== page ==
The Dream Machine is point and click adventure game by Cockroach Inc. It is created in an episodic format, the first chapter of the game was released in December of 2010 and the final episode was released in May of 2017, at lease they delivered unlike HL3.
Victor Neff is the protagonist of the game. He and his pregnant wife recently moved to this apartment only to find things…. weird.
Felix Morton is the caretaker and the landlord of the apartment complex. He is shady and his family is behind the creation of the Dream Machine.
The Dream Machine is the titular villain of the game. It is a sentient machine that took the apartment over.
Victor and Alicia Neff moved into this rather shady grungy apartment to start their great life. But on day one, things go wrong, turns out there is a thing called Dream Machine in the building that is messing with residents of the apartment and Victor has to save his family and his neighbors.
This is your standard point and click adventure game. You go around clicking on every pixel of the screen until something in your brain clicks and solve the puzzle.
Dialogue options are there, but they barely make any difference since there is only one right way to proceed the game.
The biggest problem for me regarding the Dream Machine was its atmosphere. Throughout the whole game I had no idea what I was suppose to be feeling. Was I suppose to be scared, be tense, be laughing, or be confused. I think this results from the game not knowing what it wants to be. There are really gory moments in this game, there are sexual contents, but they are presented in the same way as fetching some food or seeing a person dying. This lack of direction made me feel empty rather than… what I was suppose to feel.
By far, Chapter 5 was the worst of the bunch. It was way longer than any of the previous chapters. If interesting puzzles or story made up for its length, sure, but they did not. Chapter 5 had the least interesting story until that point and all of the puzzles were nothing more than fetch quests. To make it worse, the maps in this chapter were huge and you had to navigate between reality with 2 different dreams. Let me tell you what I mean:
To solve one puzzle, you start at one end of Dream A and go through 7-8 areas to get to the exit, queue leaving dream sequence and watch the protag comment something, remove helmet from Dreamer A and go to the apartment next door, enter Dream B, queue entering dream sequence, shrink yourself with an item, go through like 3 areas, grab item, go back 3 areas, use item to enlarge yourself, leave Dream B, queue leaving dream sequence, go back to Dreamer A and enter her dream, queue enter dream sequence, go through 8 areas. Now repeat this.
Chapter 5 had too large of a map that did nothing but add screens to travel through, it had puzzles of minimal consequences and I think could’ve been better with shorter missions. Chapter 5 felt needlessly complicated and lasted way too long. I was so bored by the end of this chapter, something the previous chapters avoided by condensing all of the interesting things into a shorter package. Chapter 5 tried to go big and failed miserably.
There are dialogue options in this game, but I don’t really know why. There is only one way to beat the game, as everything else is… not possible. In something like Telltale Games or visual novels, or even Persona games, dialogue choices have consequences from losing a friend, getting someone killed, or marrying wrong girl. But here, it’s just there to move along the very linear story set for you.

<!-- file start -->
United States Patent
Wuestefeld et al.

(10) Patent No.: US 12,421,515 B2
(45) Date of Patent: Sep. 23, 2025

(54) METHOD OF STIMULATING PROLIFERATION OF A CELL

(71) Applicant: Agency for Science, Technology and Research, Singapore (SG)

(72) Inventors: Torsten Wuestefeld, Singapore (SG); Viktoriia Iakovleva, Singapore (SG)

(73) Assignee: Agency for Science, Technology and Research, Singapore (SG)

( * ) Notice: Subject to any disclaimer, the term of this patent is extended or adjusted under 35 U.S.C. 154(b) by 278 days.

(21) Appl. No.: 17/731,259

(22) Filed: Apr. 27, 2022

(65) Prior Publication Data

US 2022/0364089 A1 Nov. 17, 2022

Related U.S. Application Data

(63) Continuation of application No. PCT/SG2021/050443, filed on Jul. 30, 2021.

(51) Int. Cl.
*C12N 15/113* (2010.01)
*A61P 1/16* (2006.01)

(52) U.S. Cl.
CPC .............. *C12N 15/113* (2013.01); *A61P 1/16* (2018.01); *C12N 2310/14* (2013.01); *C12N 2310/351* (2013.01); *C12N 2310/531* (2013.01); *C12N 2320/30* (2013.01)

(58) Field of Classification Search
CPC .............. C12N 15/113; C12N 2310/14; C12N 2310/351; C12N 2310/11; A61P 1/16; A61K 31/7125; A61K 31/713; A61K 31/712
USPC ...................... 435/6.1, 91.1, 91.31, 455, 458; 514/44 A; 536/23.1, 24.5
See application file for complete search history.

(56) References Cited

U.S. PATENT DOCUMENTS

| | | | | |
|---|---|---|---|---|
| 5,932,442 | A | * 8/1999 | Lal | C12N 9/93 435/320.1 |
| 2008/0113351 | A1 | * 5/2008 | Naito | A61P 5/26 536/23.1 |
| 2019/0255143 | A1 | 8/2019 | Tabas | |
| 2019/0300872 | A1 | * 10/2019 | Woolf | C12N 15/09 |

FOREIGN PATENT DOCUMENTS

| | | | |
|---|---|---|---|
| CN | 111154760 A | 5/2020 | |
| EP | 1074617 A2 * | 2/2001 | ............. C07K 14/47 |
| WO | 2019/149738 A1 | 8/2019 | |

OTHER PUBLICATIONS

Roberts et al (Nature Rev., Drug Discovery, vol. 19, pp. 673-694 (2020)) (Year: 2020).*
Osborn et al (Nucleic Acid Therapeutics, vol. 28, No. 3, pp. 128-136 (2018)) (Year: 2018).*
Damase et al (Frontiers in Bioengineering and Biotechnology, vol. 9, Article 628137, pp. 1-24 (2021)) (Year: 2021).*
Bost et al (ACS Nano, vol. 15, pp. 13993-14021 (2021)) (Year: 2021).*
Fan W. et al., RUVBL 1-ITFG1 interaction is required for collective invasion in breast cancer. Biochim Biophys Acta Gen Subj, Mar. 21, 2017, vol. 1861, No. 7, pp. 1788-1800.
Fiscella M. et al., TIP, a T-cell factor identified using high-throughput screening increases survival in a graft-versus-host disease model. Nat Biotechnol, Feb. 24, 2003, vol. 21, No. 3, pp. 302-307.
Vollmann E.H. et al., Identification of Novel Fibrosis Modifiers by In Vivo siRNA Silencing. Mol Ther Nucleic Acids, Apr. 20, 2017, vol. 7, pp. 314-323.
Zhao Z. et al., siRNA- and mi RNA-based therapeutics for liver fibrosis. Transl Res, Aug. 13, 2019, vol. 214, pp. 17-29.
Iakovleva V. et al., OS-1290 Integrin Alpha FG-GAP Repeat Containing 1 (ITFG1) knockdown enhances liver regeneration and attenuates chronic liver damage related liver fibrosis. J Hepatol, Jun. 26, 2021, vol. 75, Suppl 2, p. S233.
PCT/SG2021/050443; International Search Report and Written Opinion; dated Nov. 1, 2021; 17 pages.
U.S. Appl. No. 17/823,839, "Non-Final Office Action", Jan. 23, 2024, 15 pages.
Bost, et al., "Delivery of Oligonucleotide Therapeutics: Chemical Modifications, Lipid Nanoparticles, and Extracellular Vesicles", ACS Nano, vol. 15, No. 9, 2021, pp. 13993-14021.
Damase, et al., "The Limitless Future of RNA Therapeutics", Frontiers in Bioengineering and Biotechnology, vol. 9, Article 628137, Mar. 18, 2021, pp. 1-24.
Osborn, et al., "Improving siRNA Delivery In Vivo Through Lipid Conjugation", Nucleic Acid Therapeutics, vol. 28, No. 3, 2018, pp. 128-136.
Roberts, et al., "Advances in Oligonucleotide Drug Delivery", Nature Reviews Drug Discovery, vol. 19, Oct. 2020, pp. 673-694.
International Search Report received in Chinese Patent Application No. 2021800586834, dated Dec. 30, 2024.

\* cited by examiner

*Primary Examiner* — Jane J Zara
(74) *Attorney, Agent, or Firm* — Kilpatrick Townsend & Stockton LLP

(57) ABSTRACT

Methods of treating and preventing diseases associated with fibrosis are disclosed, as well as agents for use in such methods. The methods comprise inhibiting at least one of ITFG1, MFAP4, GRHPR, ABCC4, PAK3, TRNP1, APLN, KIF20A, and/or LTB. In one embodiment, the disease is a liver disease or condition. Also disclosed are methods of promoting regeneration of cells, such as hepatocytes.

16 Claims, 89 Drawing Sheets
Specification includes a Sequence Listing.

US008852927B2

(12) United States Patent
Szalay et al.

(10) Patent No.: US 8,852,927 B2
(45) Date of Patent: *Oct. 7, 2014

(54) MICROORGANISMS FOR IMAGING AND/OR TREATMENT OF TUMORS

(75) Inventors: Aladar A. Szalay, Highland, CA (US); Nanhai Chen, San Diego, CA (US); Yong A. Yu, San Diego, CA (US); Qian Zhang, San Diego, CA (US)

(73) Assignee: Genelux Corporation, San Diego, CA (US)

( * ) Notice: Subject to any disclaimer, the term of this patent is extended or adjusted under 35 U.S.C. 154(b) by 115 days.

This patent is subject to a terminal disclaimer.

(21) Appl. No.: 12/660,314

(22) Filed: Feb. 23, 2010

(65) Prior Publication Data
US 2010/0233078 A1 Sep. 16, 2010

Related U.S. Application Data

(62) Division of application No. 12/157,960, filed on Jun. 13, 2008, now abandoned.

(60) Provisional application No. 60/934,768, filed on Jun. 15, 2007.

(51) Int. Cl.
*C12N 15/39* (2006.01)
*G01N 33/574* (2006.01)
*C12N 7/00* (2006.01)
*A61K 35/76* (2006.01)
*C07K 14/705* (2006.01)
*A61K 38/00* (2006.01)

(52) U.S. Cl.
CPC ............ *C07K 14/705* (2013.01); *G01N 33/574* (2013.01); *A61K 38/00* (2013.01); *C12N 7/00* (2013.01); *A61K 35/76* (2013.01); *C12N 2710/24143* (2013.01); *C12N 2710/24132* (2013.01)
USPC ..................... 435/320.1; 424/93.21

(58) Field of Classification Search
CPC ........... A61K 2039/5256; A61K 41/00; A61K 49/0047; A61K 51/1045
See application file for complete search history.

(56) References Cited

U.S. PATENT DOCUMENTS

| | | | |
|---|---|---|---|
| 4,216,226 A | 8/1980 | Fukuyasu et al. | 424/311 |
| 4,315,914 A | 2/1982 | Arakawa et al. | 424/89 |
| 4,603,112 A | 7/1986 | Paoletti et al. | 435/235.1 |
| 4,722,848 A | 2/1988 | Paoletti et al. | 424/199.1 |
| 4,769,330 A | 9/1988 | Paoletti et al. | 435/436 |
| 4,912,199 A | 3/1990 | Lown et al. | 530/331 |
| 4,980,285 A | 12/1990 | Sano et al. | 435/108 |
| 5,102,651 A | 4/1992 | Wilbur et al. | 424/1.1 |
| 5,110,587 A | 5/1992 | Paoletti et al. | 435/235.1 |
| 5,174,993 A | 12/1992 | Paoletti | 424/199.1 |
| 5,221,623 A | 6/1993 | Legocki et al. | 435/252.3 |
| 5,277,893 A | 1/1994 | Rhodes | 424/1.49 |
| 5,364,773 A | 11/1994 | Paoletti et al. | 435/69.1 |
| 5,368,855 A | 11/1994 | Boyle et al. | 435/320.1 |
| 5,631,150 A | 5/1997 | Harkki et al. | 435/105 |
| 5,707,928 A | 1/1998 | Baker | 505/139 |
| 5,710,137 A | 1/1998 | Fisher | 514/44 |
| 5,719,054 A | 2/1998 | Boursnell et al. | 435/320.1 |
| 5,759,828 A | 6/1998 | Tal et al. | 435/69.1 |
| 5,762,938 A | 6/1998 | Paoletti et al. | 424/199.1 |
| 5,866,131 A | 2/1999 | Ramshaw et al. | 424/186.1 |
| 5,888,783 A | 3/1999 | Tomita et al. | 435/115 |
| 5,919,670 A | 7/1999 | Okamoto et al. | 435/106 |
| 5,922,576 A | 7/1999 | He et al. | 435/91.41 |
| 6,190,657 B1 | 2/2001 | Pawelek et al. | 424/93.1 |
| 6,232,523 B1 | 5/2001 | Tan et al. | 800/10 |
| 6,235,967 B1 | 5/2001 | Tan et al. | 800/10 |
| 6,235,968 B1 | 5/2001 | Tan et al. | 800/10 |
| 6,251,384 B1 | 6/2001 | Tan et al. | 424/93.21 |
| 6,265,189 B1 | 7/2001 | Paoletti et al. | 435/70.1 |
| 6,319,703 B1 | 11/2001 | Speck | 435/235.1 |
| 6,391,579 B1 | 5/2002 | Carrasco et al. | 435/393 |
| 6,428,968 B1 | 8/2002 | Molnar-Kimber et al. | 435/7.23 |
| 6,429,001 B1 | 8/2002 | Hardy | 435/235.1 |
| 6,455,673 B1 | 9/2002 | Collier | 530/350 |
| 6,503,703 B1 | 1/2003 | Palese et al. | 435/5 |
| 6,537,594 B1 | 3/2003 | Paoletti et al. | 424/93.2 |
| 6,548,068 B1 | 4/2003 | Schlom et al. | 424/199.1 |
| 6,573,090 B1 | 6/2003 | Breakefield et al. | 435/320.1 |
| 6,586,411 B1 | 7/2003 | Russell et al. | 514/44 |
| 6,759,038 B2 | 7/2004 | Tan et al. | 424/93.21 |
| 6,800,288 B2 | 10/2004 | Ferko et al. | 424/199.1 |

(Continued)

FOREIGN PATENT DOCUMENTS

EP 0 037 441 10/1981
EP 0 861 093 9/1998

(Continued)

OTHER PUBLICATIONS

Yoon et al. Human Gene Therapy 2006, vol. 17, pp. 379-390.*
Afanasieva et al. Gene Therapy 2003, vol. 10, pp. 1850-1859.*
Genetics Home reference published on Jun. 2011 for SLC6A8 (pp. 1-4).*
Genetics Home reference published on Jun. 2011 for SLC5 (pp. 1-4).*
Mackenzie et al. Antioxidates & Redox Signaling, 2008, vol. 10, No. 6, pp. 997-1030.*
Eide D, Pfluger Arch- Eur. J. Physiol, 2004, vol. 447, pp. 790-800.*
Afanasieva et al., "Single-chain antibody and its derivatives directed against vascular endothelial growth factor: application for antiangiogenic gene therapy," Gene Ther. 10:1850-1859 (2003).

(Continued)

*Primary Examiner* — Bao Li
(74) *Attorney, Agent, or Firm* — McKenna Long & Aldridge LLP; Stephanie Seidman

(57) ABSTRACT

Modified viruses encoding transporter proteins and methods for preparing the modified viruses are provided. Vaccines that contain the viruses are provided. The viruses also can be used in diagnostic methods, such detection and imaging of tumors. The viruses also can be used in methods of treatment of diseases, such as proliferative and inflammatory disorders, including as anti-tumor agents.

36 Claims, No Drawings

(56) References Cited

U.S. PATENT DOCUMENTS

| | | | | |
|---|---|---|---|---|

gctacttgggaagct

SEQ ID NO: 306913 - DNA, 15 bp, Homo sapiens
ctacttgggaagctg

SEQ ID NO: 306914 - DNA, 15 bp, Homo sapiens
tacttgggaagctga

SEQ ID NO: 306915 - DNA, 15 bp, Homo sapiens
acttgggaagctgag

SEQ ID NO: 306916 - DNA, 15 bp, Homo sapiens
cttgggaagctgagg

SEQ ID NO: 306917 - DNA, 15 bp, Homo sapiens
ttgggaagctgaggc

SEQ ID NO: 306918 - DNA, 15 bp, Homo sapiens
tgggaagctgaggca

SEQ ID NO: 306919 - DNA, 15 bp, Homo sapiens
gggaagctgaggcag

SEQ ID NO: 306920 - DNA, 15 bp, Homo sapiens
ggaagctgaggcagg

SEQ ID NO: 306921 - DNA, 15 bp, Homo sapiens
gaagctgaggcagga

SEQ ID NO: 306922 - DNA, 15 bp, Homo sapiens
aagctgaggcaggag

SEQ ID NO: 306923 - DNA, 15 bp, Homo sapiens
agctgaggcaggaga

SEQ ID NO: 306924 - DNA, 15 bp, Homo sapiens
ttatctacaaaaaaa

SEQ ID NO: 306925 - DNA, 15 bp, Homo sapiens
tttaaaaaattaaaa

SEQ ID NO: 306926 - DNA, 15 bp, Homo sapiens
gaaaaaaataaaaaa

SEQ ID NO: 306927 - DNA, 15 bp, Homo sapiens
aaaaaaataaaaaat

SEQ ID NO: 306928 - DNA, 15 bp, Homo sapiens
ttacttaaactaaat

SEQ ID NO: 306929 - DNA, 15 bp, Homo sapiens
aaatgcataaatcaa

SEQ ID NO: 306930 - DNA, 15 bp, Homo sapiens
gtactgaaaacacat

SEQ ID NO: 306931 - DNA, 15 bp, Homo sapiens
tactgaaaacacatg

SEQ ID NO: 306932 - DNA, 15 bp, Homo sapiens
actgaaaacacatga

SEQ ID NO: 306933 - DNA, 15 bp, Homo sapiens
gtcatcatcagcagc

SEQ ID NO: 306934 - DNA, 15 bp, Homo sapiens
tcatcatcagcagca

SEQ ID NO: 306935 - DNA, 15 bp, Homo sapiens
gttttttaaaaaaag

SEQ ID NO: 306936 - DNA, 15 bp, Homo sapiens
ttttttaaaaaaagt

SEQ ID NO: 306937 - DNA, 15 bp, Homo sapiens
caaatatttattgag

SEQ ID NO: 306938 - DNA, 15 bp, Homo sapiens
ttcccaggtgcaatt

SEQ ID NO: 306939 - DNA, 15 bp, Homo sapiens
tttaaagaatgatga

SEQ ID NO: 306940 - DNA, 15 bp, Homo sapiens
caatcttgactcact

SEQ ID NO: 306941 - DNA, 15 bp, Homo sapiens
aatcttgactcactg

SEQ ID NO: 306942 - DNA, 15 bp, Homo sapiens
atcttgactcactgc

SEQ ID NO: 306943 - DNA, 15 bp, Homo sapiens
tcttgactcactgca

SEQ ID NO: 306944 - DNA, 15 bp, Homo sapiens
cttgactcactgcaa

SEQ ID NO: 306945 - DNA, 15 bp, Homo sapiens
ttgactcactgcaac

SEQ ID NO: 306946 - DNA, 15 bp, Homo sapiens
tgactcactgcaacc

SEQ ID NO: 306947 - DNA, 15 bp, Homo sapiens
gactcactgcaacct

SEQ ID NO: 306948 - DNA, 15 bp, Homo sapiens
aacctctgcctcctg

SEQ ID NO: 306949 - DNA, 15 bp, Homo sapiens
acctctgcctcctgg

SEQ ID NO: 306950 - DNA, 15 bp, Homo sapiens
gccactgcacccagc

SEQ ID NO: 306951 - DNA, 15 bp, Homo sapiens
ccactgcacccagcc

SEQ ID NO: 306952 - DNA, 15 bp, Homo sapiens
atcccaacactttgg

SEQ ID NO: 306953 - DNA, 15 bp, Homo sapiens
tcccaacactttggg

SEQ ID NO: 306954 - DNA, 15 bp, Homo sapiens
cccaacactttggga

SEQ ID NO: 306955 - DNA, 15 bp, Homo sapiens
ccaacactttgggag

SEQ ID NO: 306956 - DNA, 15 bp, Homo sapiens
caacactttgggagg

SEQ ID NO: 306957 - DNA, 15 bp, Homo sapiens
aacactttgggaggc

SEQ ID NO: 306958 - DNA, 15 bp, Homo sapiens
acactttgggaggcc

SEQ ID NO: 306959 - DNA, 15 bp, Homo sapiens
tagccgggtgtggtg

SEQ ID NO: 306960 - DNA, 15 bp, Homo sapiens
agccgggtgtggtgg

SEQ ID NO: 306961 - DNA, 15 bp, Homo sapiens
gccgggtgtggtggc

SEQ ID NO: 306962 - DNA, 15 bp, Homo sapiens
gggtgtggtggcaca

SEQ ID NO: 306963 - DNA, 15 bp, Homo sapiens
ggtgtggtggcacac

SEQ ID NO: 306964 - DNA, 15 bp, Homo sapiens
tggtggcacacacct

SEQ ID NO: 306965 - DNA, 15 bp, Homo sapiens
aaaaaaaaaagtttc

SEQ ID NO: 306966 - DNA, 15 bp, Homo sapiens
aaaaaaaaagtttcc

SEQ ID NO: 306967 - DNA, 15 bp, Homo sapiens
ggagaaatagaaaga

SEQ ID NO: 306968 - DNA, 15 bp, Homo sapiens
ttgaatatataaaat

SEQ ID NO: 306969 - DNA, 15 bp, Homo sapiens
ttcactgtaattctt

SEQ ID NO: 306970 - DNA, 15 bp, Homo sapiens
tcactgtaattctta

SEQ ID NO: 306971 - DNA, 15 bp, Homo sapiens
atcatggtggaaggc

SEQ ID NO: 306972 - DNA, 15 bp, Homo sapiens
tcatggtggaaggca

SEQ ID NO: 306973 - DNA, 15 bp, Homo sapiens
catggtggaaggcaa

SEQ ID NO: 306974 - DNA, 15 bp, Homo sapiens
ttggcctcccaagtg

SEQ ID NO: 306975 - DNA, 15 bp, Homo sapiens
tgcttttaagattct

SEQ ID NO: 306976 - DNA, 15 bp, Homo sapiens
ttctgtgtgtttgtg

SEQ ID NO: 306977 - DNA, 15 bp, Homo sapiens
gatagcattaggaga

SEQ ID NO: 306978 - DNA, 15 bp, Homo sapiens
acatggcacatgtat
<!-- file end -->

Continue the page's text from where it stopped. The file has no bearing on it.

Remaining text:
Being a clay-mation game, Dream Machine suffers from awkward animation and unintentional creepiness. Pre-scripted movements in the game are animated fluidly, they look great. But when the player tells Victor to move, it looks real clunky, this is further accentuated when the fluid scripted motion is juxtaposed by the player input movements. And the scariest looking character in the entire game is your loving wife… she looks absolutely terrifying.
Despite what I said above, the game is Visually distinct. You will not find a game that looks like this. Clay models in gaming are rare and for those models to have such a eerie design was great, again, the wife looks terrifying. The crudeness of how the models look does add to creepy vibe of the game, just that its narrative sometimes clash with it.
Chapter 4 is my favorite of the bunch. Here, emotion is core of the story as you look into the hardships and life of an old dying lady. You become a bystander of this person’s past, and the subtle sadness she faced. It was a great and emotional chapter. Unlike some of the other chapters, the visuals, the scenes, and the mechanic all work together to tell one sad tale, I wish more of the game was like this.
Some of the puzzles in the game were fantastic. I am not usually a big puzzle person, I usually think they are a hassle. But I started to look forward to puzzles in this game. Sure, I wasn’t happy every single time, but I had fun.
- Will I play this again? Probably not, it was fun the first time around but I don’t think there is anything I really want to revisit. If anything, maybe a segment on Youtube.
- Do I recommend it? Definitely. You don’t see a lot of games being done in clay and cardboard, and this does add to the atmosphere of the game.
The first 4 chapters were a blast to play through, but starting chapter 5, things start to feel like they are dragging out too long and the puzzles become a hassle rather than an exciting obstacle.
Seeing that the first episode and the last episode were 7 years apart, I’m glad I found about this game only after the whole thing was complete.
If you’ve played it, let me know what you thought. If you haven’t are you interested in trying this out?